2011 Recorded Music Sales

weekly album sales

We look a bit deeper into the 2011 recorded music sales revenues in today’s blog.  Most of the figures below are gracefully lifted from nielsen SoundScan reports.  They claim that these numbers are “compiled from a national sample of retail store and rack sales reports (that are) collected”.  These numbers are all year to date from January 1st to November 27th, 2011.  With a month to go and the holiday season coming things are looking good! 

Considering the huge transition to streaming services in 2011, this has been a banner year for track and album sales.

Album sales experienced a 2.5% increase to over 278m units sold.  CD’s accounted for a staggering 185m (66%) of all albums sold while digital sales accounted for 90m while grabbing 32% of the market.  Vinyl grew almost 37% year over year (2010 to 2011) from 2.4m to 3.2m units sold.  In a year where Vinyl seemed to be making a “comeback” it still only penetrated 1% of total album sales.  The positive is the growth of digital album sales from 74m in 2010 to 90m units in 2011, 19.5% growth year over year.

side note:  I bought exactly one cd in a record store in 2011; Mates of State’ “Mountaintops”.  I bought 3 vinyl albums in 2011, both the Hooray for Earth EP and their latest “True Loves” as well as M83’ “Hurry Up, We’re Dreaming” which are all up in frames as wall art.  The majority of digital music I purchased was through iTunes and/or Amazon.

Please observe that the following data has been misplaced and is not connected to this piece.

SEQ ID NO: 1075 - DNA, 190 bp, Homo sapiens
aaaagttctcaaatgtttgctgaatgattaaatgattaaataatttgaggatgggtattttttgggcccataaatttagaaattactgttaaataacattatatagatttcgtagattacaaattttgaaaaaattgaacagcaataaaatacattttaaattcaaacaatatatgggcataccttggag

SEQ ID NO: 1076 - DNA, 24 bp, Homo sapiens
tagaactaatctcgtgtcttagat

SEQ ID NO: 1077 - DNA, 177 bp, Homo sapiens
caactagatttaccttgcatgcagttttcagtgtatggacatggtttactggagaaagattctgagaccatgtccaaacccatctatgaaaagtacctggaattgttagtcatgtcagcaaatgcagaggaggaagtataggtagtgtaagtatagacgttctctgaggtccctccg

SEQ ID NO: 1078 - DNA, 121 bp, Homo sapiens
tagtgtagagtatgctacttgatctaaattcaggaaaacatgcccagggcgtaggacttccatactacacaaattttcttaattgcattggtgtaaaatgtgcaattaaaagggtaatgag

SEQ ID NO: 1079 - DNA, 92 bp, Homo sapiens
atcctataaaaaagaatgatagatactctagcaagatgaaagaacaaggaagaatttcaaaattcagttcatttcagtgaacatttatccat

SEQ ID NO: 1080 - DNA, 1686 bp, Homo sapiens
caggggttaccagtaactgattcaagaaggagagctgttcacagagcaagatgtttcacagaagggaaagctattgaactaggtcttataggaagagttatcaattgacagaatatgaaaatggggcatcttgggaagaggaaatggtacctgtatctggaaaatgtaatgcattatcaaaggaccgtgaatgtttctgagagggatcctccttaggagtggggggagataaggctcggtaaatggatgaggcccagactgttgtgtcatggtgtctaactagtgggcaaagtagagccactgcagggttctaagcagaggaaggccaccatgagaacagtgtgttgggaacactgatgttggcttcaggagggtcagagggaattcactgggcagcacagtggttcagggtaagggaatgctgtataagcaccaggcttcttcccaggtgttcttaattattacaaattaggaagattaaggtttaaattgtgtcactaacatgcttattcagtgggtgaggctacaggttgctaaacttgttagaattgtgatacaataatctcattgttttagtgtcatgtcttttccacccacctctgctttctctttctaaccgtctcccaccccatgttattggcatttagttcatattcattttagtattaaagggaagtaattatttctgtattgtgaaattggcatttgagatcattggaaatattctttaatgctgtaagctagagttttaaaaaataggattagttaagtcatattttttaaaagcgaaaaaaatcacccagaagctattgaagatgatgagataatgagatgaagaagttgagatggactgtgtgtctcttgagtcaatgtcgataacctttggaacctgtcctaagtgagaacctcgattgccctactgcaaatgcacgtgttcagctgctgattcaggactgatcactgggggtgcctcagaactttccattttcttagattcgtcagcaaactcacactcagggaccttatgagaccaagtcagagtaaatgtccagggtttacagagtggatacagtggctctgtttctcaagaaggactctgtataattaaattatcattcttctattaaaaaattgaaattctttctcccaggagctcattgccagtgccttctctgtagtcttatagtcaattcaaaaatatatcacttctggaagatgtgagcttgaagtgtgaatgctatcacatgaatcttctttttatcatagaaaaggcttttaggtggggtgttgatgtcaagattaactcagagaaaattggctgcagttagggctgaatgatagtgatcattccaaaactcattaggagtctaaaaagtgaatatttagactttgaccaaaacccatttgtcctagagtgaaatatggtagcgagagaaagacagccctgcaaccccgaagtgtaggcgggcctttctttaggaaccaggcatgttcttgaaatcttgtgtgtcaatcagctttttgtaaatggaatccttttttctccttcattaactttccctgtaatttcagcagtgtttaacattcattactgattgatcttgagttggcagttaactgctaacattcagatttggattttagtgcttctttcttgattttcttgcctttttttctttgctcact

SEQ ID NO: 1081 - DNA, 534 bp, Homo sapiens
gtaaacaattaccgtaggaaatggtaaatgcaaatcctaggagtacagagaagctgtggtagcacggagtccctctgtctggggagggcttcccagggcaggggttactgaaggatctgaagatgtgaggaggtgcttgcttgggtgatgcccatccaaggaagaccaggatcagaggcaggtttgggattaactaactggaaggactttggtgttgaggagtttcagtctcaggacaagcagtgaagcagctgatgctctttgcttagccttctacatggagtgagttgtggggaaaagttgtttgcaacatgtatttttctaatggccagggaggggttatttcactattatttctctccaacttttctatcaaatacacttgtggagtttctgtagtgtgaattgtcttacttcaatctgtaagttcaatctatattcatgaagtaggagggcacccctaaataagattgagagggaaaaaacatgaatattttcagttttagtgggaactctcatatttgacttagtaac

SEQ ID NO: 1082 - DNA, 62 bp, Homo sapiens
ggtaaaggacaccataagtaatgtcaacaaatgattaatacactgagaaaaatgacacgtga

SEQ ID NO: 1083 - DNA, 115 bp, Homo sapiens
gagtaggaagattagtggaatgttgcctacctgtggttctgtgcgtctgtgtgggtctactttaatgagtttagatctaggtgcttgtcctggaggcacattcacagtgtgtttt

A new statistic, to compensate for increasing single sales over the last decade, was created and called TEA or Track Equivalent Albums.  TEA sales are calculated as 10 track downloads which are equal to one album sale.  Using this number, TEA albums are up over 4% from 374m to almost 391m units sold.

Individual digital tracks were up almost 10% this year from 1.02b to 1.12b units sold. CD singles, grab 1/1000th of a percent of total unit sales at 2.2m units sold and experienced a 9% growth year over year. Somehow the heart is still beating on cd singles, and growing!   

Overall, this has been a great year for recorded music sales, according to nielsen.  With the addition of cloud services from Google, Amazon and iTunes, digital music is more accessible than ever before in the history of the music business.  It will be very interesting to see how much streaming services cannibalize iTunes and Amazon, as well as Google, purchases over the next 12 months.


ktcmgmt.com, killingthecabinet.com